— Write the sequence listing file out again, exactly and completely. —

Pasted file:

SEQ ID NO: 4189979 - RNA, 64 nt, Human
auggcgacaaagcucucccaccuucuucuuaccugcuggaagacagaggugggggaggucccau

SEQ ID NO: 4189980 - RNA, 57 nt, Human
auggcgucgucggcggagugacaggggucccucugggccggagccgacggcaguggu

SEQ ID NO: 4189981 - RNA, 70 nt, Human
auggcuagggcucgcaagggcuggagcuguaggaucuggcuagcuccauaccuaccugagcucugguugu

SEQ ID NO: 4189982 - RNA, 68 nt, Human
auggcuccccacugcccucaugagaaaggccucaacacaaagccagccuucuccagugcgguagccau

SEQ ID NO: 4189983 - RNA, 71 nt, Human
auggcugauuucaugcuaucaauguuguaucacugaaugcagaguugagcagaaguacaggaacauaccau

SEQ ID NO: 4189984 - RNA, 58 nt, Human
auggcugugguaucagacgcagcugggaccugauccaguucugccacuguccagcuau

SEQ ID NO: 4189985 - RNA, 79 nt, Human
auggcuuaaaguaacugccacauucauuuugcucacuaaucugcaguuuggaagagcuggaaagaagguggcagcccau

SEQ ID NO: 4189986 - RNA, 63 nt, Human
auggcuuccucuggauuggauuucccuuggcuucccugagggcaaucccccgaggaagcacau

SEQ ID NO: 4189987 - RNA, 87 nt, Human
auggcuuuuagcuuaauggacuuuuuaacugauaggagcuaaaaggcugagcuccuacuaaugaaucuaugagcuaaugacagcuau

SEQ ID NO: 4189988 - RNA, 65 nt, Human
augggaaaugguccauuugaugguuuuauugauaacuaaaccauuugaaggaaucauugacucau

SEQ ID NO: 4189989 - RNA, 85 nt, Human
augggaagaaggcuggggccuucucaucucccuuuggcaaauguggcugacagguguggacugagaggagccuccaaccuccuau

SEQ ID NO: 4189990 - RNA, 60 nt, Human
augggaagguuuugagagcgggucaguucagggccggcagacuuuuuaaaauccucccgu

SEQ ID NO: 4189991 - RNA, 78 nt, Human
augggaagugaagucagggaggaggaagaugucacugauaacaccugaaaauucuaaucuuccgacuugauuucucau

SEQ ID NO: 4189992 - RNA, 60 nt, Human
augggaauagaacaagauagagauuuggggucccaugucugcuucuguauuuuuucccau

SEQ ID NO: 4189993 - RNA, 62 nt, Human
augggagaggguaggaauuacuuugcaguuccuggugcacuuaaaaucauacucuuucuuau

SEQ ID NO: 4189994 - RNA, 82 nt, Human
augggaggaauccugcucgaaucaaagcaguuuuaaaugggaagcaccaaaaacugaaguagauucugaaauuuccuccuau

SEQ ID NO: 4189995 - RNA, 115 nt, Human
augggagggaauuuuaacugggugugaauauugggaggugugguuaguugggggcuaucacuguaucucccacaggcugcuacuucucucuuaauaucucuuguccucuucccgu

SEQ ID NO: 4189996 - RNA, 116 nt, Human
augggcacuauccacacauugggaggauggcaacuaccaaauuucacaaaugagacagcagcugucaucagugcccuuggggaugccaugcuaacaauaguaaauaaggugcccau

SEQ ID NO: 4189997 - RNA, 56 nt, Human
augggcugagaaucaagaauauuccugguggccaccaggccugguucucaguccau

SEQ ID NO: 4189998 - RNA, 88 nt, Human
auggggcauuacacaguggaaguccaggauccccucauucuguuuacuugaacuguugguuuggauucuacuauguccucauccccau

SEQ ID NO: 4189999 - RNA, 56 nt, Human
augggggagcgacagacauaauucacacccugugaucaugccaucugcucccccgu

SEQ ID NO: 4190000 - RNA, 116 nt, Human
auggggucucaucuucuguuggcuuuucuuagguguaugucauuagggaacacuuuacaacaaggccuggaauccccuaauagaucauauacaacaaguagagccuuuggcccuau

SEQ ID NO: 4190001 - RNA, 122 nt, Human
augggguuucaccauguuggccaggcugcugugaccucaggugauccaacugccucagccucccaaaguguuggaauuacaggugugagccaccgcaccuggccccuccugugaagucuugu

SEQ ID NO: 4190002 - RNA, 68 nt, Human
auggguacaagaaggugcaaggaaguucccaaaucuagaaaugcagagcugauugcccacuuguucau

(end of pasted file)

SEQ ID NO: 4189979 - RNA, 64 nt, Human
auggcgacaaagcucucccaccuucuucuuaccugcuggaagacagaggugggggaggucccau

SEQ ID NO: 4189980 - RNA, 57 nt, Human
auggcgucgucggcggagugacaggggucccucugggccggagccgacggcaguggu

SEQ ID NO: 4189981 - RNA, 70 nt, Human
auggcuagggcucgcaagggcuggagcuguaggaucuggcuagcuccauaccuaccugagcucugguugu

SEQ ID NO: 4189982 - RNA, 68 nt, Human
auggcuccccacugcccucaugagaaaggccucaacacaaagccagccuucuccagugcgguagccau

SEQ ID NO: 4189983 - RNA, 71 nt, Human
auggcugauuucaugcuaucaauguuguaucacugaaugcagaguugagcagaaguacaggaacauaccau

SEQ ID NO: 4189984 - RNA, 58 nt, Human
auggcugugguaucagacgcagcugggaccugauccaguucugccacuguccagcuau

SEQ ID NO: 4189985 - RNA, 79 nt, Human
auggcuuaaaguaacugccacauucauuuugcucacuaaucugcaguuuggaagagcuggaaagaagguggcagcccau

SEQ ID NO: 4189986 - RNA, 63 nt, Human
auggcuuccucuggauuggauuucccuuggcuucccugagggcaaucccccgaggaagcacau

SEQ ID NO: 4189987 - RNA, 87 nt, Human
auggcuuuuagcuuaauggacuuuuuaacugauaggagcuaaaaggcugagcuccuacuaaugaaucuaugagcuaaugacagcuau

SEQ ID NO: 4189988 - RNA, 65 nt, Human
augggaaaugguccauuugaugguuuuauugauaacuaaaccauuugaaggaaucauugacucau

SEQ ID NO: 4189989 - RNA, 85 nt, Human
augggaagaaggcuggggccuucucaucucccuuuggcaaauguggcugacagguguggacugagaggagccuccaaccuccuau

SEQ ID NO: 4189990 - RNA, 60 nt, Human
augggaagguuuugagagcgggucaguucagggccggcagacuuuuuaaaauccucccgu

SEQ ID NO: 4189991 - RNA, 78 nt, Human
augggaagugaagucagggaggaggaagaugucacugauaacaccugaaaauucuaaucuuccgacuugauuucucau

SEQ ID NO: 4189992 - RNA, 60 nt, Human
augggaauagaacaagauagagauuuggggucccaugucugcuucuguauuuuuucccau

SEQ ID NO: 4189993 - RNA, 62 nt, Human
augggagaggguaggaauuacuuugcaguuccuggugcacuuaaaaucauacucuuucuuau

SEQ ID NO: 4189994 - RNA, 82 nt, Human
augggaggaauccugcucgaaucaaagcaguuuuaaaugggaagcaccaaaaacugaaguagauucugaaauuuccuccuau

SEQ ID NO: 4189995 - RNA, 115 nt, Human
augggagggaauuuuaacugggugugaauauugggaggugugguuaguugggggcuaucacuguaucucccacaggcugcuacuucucucuuaauaucucuuguccucuucccgu

SEQ ID NO: 4189996 - RNA, 116 nt, Human
augggcacuauccacacauugggaggauggcaacuaccaaauuucacaaaugagacagcagcugucaucagugcccuuggggaugccaugcuaacaauaguaaauaaggugcccau

SEQ ID NO: 4189997 - RNA, 56 nt, Human
augggcugagaaucaagaauauuccugguggccaccaggccugguucucaguccau

SEQ ID NO: 4189998 - RNA, 88 nt, Human
auggggcauuacacaguggaaguccaggauccccucauucuguuuacuugaacuguugguuuggauucuacuauguccucauccccau

SEQ ID NO: 4189999 - RNA, 56 nt, Human
augggggagcgacagacauaauucacacccugugaucaugccaucugcucccccgu

SEQ ID NO: 4190000 - RNA, 116 nt, Human
auggggucucaucuucuguuggcuuuucuuagguguaugucauuagggaacacuuuacaacaaggccuggaauccccuaauagaucauauacaacaaguagagccuuuggcccuau

SEQ ID NO: 4190001 - RNA, 122 nt, Human
augggguuucaccauguuggccaggcugcugugaccucaggugauccaacugccucagccucccaaaguguuggaauuacaggugugagccaccgcaccuggccccuccugugaagucuugu

SEQ ID NO: 4190002 - RNA, 68 nt, Human
auggguacaagaaggugcaaggaaguucccaaaucuagaaaugcagagcugauugcccacuuguucau